Terna: in 7 months of daylight saving time electricity consumption drops by 554 million kwh
Sunday 28 October, the hands of the clock move back one hour; at 03.00am winter time returns
2018 has seen savings of more than €110 million for the electricity system and a reduction in atmospheric CO2 emissions of 290,000 tonnes
Since 2004, €1.5 billion and more than 9 billion kWh of electricity saved
After seven months of daylight saving time, winter time will return on Sunday, 28 October: at 03.00am, the hands of the clock move back one hour. Daylight saving time will return on 31 March 2019.
According to preliminary estimates from Terna, the company that manages the Italian national electricity grid, from 25 March 2018, thanks to the extra hour of daylight, which means less need for artificial light, Italy saved an overall total of 554 million kilowatt hours (equivalent to the annual electricity consumption of around 205,000 families), corresponding to a 290,000-tonne reduction in atmospheric CO2 emissions.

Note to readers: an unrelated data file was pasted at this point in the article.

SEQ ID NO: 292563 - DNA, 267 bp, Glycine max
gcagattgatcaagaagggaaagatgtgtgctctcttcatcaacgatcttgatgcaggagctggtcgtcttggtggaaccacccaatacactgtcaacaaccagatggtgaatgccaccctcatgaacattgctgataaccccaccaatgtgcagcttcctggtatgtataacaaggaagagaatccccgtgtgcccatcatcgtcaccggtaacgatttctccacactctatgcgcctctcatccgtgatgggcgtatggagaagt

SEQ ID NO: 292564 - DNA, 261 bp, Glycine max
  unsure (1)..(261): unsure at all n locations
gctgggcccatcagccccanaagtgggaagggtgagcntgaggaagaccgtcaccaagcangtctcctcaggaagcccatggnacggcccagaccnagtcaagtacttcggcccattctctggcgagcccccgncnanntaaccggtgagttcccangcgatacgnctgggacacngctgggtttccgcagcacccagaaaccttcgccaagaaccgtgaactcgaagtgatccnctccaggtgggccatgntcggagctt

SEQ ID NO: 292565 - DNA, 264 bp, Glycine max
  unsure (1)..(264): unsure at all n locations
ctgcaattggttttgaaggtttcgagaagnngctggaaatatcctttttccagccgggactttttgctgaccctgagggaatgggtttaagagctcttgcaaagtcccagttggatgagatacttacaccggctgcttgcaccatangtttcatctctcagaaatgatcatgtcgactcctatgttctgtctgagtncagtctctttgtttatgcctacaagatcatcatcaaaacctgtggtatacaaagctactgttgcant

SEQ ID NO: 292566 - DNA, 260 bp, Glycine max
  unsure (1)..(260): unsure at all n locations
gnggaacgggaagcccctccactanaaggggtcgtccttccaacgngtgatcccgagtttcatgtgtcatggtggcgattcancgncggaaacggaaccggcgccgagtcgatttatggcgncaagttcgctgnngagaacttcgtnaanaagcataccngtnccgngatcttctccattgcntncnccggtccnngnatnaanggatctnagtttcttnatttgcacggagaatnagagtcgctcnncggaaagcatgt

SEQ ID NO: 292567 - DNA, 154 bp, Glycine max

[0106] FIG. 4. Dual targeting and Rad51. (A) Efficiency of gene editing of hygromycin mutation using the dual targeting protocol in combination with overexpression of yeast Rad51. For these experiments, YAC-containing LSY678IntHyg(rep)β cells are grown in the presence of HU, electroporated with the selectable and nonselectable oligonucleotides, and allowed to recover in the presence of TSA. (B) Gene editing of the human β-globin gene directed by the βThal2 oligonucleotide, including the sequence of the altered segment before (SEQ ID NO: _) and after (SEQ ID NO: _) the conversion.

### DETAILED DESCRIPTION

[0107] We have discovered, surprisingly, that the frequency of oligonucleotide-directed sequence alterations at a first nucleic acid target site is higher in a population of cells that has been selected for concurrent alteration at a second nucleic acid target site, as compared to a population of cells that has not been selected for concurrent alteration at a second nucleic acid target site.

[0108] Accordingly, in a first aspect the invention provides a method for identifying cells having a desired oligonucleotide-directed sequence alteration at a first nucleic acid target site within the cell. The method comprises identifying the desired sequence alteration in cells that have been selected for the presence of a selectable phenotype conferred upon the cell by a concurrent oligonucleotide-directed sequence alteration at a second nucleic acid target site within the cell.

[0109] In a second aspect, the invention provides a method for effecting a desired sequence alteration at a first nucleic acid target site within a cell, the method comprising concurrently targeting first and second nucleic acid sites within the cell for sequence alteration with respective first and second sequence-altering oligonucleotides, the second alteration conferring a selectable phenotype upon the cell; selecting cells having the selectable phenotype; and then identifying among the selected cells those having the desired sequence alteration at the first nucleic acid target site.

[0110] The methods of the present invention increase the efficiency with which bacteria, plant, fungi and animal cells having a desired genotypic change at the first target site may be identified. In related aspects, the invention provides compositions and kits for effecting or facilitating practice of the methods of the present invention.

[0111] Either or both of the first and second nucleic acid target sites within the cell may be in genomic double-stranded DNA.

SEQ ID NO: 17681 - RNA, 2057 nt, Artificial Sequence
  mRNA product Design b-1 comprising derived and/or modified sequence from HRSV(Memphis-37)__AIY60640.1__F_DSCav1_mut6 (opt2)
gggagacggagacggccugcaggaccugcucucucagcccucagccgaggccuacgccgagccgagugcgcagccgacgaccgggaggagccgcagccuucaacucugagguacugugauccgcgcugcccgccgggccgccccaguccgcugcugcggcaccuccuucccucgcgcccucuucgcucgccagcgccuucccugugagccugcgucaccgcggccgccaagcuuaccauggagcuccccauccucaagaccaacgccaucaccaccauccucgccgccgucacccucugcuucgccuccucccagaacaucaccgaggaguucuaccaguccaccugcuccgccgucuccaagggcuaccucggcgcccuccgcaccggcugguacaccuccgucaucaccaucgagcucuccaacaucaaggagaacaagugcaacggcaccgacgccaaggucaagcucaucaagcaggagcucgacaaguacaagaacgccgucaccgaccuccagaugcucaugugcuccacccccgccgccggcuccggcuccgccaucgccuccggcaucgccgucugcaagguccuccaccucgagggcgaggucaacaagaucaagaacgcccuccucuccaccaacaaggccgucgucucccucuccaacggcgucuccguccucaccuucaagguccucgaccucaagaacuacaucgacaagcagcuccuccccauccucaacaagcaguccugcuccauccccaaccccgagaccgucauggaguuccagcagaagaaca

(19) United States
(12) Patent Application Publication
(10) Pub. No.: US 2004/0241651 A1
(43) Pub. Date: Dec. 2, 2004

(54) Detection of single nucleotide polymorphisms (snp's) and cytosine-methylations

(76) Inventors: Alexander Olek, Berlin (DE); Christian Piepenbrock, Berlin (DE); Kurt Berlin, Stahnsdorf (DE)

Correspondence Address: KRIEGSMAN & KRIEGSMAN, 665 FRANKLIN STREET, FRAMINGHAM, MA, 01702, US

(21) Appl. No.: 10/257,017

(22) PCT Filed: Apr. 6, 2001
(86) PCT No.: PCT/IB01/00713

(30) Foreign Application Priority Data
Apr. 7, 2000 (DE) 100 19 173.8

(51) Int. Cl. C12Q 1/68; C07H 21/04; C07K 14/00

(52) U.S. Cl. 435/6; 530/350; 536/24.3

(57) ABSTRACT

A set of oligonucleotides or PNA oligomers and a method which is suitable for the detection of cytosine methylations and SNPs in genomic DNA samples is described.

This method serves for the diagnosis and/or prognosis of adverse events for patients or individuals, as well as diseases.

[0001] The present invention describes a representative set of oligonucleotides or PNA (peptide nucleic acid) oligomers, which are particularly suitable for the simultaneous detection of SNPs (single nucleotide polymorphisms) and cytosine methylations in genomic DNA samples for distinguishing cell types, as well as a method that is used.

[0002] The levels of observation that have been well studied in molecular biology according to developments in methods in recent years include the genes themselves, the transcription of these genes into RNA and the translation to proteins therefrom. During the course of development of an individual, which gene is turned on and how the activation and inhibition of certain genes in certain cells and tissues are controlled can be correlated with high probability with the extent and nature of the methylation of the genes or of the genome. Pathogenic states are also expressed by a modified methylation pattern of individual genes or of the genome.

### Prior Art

Considering that, in this period, 1 kWh costs the typical domestic user an average of 20 eurocents before tax, the economic savings resulting from daylight saving time for 2018 is around €111 million.
As usual, the months of April and October saw the highest electricity savings. This is due to the fact that these two months have “shorter” days in terms of natural light, compared to other months in the period. Moving the clock ahead one hour postpones the use of artificial light while people are still working. Therefore, during the summer months, such as July and August, since the days are already longer compared to April, the delay in turning on the lights occurs in the evening when most work activities have ended, leading to less significant electricity savings.
According to Terna's data, between 2004 and 2018, the drop in Italy’s electricity consumption due to daylight saving time has totalled around 9.1 billion kWh (equivalent to the energy requirements of a region like Sardinia) and has led to economic savings for citizens of around €1.5 billion.
The “load curve”, representing the real-time trend in Italy’s electricity consumption, is available on Terna’s homepage www.terna.it.